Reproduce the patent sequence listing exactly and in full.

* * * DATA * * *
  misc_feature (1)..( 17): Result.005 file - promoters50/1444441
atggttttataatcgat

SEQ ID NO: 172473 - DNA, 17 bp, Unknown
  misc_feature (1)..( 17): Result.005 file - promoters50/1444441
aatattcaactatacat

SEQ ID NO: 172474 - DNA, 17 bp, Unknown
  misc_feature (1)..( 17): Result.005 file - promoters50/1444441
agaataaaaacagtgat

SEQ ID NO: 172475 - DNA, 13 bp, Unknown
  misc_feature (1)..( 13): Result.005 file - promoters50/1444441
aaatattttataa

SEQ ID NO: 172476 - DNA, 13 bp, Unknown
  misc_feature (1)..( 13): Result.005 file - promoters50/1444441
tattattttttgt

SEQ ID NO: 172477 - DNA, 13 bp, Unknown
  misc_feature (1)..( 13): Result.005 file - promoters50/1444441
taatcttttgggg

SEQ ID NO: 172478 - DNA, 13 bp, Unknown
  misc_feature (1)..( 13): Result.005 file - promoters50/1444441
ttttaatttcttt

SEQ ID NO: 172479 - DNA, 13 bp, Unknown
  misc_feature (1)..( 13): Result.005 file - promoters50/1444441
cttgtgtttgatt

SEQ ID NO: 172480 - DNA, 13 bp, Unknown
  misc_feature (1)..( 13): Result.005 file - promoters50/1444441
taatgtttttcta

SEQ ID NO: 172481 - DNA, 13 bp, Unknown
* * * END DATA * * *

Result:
  misc_feature (1)..( 17): Result.005 file - promoters50/1444441
atggttttataatcgat

SEQ ID NO: 172473 - DNA, 17 bp, Unknown
  misc_feature (1)..( 17): Result.005 file - promoters50/1444441
aatattcaactatacat

SEQ ID NO: 172474 - DNA, 17 bp, Unknown
  misc_feature (1)..( 17): Result.005 file - promoters50/1444441
agaataaaaacagtgat

SEQ ID NO: 172475 - DNA, 13 bp, Unknown
  misc_feature (1)..( 13): Result.005 file - promoters50/1444441
aaatattttataa

SEQ ID NO: 172476 - DNA, 13 bp, Unknown
  misc_feature (1)..( 13): Result.005 file - promoters50/1444441
tattattttttgt

SEQ ID NO: 172477 - DNA, 13 bp, Unknown
  misc_feature (1)..( 13): Result.005 file - promoters50/1444441
taatcttttgggg

SEQ ID NO: 172478 - DNA, 13 bp, Unknown
  misc_feature (1)..( 13): Result.005 file - promoters50/1444441
ttttaatttcttt

SEQ ID NO: 172479 - DNA, 13 bp, Unknown
  misc_feature (1)..( 13): Result.005 file - promoters50/1444441
cttgtgtttgatt

SEQ ID NO: 172480 - DNA, 13 bp, Unknown
  misc_feature (1)..( 13): Result.005 file - promoters50/1444441
taatgtttttcta

SEQ ID NO: 172481 - DNA, 13 bp, Unknown